SWS & BGU Live: Easy and Fun way to memorize the notes on Fret Board

Discussion in 'SWS Questions' started by Tony Ludwig, Apr 11, 2017.

  1. Tony Ludwig

    Tony Ludwig Blues Newbie

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    Guys,

    Came back from BGU Live, what an experience...and I was one of the lucky guys who got to play with Griff using the 4 note pattern. Cool thing was it works even if you "wing" it . One of the "pros", Dave gave me helpful hint about hitting the note corresponding to the Chord you are about to play...So if playing in Key of A minor...Fret Board Pattern String 1: G A String 2: C D (the box pattern), starting on I Chord hit A. IV Chord hit D, V Chord hit E....no E in Pattern, ut-oh better know where it is based on D and based on A
    ...now here I think is the cool part....transition from one box to the other using notes E, D, C, to A...and your in another box....This has allowed me to work on a couple of ideas and learning multiple notes on a fret board in many places all at the same time...and it sounds good too...
    and just like counting - call out the notes you are playing...amazing how much you learn at one time
    just a thought to share....
    thanks,
    Tony
     
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  2. Lawrence Hansen

    Lawrence Hansen Blues Newbie

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    I’m not clear on what you are telling me. I’m, hearing you say through the 1, 4, 5, start with the note that corresponds to the chord that is being played. Is that right? Sorry if I’m a bit dense on this.
     
  3. Tony Ludwig

    Tony Ludwig Blues Newbie

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    yep..."noodle" around a bit, try starting and ending on the root note that corresponds with the chord, you may like the sound - more importantly you also start learning all the notes as well.
     
  4. Dewesq55

    Dewesq55 Blues Newbie

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    In Killer Blues Solos Made Easy, Griff explained it a little more. While the root now of the chord is always a solid choice, the b7 and the 3 of the chord (in that order) are better choices to grab on the changes. When changing back to the I, from the IV, grabbing the 3 and bending it up ½ step to the major 3 is a great choice. When changing from the I to the IV, the b7 is the "sweetest" note to grab. In the key off A, that would be the C which is the 2nd note on the A pentatonic minor scale. In the 4 Note Solo Pattern, that's the note under your 1st finger on the E string. The root note of the IV chord is under the 3rd finger on the high E string. When changing to the V chord, the b7 is D which is under the 3rd finger on the high E string. If using the left facing house pattern, the point of the house is the root note of the V chord.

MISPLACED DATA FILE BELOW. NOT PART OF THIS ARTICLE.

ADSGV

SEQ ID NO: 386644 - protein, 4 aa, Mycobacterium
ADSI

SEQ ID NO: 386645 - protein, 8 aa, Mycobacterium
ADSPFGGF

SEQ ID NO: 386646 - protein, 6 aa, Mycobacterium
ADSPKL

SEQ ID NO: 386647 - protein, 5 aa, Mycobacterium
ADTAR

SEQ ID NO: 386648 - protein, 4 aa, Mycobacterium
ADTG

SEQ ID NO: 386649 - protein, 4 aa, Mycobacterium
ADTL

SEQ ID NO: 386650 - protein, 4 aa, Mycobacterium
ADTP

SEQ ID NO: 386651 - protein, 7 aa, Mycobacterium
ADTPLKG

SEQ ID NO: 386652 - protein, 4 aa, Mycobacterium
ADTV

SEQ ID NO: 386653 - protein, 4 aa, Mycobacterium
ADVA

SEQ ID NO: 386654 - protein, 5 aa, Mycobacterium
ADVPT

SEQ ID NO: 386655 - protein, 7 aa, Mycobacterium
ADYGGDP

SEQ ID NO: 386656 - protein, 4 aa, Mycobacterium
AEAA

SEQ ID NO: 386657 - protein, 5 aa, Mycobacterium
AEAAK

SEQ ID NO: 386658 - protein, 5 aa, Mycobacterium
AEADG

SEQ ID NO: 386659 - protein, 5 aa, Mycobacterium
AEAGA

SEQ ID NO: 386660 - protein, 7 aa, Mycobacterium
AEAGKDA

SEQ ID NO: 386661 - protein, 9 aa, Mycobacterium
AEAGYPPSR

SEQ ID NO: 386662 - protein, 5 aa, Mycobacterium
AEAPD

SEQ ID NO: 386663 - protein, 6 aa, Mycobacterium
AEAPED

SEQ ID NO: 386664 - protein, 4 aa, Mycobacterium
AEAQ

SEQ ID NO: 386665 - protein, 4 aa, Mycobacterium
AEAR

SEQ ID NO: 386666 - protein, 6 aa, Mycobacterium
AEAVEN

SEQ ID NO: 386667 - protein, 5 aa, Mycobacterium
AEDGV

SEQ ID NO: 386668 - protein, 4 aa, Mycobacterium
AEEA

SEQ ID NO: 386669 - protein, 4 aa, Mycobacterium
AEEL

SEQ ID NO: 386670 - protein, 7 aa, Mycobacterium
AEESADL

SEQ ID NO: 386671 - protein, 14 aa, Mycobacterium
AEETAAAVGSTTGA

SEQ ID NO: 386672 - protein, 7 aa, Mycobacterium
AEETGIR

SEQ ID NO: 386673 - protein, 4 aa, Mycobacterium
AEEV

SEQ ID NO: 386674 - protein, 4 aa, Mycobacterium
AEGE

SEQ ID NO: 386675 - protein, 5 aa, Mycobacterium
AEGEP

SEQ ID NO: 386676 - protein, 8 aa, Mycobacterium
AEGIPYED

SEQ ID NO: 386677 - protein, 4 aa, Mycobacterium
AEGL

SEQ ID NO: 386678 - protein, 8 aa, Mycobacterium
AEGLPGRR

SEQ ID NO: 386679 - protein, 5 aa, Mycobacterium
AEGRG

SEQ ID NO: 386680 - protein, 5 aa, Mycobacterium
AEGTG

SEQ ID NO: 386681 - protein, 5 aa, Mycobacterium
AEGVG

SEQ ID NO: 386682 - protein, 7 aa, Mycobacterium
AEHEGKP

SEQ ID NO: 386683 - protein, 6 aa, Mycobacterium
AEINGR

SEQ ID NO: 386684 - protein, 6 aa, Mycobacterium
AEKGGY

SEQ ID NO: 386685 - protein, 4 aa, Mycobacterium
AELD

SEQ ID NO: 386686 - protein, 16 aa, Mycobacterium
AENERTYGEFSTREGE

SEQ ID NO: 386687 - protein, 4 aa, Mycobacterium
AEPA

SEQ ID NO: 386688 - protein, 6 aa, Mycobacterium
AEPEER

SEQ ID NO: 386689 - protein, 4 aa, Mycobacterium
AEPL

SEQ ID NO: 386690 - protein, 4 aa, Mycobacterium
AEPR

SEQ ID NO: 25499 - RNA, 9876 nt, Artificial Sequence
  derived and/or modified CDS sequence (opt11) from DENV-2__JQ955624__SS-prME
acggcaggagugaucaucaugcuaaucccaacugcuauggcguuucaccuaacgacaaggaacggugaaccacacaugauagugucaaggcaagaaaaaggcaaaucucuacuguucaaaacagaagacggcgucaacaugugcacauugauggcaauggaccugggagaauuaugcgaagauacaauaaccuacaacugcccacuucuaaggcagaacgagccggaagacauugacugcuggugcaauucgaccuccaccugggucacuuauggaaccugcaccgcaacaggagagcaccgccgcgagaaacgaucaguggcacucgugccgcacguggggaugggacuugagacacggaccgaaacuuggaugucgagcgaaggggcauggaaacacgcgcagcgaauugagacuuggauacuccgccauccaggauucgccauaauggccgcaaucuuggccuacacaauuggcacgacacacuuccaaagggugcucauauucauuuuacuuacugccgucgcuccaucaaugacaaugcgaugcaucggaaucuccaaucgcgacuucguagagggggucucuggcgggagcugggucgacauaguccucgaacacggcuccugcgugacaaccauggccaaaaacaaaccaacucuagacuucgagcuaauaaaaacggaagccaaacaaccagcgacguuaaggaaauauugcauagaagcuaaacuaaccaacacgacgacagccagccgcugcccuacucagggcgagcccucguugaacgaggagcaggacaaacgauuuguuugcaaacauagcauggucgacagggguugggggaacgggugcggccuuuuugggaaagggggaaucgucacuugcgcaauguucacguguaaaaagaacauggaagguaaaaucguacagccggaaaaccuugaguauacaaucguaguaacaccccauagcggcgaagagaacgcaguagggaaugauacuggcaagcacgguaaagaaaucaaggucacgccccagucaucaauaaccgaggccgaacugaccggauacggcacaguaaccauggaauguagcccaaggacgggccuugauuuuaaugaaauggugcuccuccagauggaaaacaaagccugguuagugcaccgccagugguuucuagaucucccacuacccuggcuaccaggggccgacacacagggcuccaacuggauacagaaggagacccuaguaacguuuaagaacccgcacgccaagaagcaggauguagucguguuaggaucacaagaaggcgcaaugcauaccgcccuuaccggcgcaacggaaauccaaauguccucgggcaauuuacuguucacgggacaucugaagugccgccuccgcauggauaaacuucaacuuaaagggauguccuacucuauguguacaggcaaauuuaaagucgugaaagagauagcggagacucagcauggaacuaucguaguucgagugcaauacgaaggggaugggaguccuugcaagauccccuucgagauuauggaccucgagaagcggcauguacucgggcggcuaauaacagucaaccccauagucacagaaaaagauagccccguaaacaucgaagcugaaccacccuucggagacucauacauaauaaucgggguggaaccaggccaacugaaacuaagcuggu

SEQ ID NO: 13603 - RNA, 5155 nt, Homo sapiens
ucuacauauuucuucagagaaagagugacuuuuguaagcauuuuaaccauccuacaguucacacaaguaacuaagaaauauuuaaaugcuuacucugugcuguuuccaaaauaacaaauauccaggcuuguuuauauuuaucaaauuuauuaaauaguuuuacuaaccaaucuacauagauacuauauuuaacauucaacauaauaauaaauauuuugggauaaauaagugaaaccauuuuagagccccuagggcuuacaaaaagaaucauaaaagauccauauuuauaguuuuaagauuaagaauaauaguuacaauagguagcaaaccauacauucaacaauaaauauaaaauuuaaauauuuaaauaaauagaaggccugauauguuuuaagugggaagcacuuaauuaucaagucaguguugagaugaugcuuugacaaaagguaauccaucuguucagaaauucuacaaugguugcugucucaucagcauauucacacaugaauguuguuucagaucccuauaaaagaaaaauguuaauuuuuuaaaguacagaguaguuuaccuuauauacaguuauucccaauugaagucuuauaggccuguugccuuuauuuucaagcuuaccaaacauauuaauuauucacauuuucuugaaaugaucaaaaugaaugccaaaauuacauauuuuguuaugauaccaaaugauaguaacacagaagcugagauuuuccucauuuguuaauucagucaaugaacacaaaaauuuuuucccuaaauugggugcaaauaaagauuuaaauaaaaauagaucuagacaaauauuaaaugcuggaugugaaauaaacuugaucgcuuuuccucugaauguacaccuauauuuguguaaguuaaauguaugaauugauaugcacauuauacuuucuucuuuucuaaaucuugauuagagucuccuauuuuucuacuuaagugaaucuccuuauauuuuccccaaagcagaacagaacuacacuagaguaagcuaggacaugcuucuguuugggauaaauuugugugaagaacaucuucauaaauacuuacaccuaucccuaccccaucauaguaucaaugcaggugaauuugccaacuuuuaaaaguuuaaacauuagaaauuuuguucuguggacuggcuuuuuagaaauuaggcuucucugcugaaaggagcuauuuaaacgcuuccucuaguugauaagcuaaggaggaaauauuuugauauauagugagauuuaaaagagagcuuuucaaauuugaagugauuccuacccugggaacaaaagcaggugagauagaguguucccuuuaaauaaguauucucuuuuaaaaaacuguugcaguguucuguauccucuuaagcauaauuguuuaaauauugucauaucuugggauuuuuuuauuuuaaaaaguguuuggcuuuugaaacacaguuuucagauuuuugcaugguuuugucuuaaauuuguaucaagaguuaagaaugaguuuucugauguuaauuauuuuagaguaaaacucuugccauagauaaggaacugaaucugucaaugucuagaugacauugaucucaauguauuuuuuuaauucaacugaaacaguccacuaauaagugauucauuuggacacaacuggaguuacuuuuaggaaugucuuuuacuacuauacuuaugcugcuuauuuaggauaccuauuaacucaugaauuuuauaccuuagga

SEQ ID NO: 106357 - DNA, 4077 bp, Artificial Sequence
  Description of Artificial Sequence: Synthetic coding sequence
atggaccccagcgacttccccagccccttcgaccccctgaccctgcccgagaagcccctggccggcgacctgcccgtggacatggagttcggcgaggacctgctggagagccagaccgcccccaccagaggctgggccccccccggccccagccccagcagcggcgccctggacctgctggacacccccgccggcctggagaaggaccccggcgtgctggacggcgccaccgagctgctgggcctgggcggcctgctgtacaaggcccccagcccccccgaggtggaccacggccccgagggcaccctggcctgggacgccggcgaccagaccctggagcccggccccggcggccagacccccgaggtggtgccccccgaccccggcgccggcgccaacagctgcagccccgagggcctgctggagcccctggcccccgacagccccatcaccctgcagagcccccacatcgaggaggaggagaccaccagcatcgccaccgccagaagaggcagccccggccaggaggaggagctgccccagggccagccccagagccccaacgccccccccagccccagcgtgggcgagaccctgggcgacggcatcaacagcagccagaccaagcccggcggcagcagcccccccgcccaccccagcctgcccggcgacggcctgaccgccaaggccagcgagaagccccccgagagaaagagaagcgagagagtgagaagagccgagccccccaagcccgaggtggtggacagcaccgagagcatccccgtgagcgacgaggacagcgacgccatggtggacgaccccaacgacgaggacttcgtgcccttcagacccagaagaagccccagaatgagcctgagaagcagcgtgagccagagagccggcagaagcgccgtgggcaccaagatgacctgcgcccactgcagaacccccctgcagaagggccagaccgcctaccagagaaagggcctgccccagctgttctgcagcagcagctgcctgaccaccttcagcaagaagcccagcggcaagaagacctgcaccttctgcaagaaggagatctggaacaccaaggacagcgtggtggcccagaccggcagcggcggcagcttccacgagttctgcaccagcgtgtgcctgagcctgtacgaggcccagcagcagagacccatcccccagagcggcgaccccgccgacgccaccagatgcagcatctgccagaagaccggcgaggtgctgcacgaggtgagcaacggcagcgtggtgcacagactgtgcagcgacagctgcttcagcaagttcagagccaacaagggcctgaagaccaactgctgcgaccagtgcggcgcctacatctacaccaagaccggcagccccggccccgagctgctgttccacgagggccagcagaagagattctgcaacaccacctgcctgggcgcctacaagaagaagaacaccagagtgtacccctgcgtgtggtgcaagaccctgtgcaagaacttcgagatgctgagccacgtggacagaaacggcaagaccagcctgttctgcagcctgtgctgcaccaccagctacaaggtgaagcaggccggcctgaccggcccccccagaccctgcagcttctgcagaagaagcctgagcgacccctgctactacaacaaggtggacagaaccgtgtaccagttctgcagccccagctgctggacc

#4 Dewesq55, Oct 29, 2017
    Last edited: Oct 29, 2017
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  5. Tony Ludwig

    Tony Ludwig Blues Newbie

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    David, appreciate it! totally understand and will give it a try, thanks for the explanation!
     
  6. Dewesq55

    Dewesq55 Blues Newbie

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    Sorry for the typos. I went back and corrected them.
     
  7. Dewesq55

    Dewesq55 Blues Newbie

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    Ok, I realized that I screwed it all up. I went back and fixed it and I think I have it all straightened out. The b7 of the IV chord is the b3 of the minor pentatonic scale, which is under the 1st finger of the E string, not the B string in the 4 Note Solo Pattern. The b7 of the V chord is the 5th of the scale.
     
  8. The Reverend

    The Reverend Blues Newbie

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    Nice read, thanks guys.
     
  9. HotLks

    HotLks Blues - it's in me and it's got to come out.

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    Thank you for what looks like a very helpful and simple addition to my practice sessions. Painless in fact.

    See you down the road! :thumbup:
     
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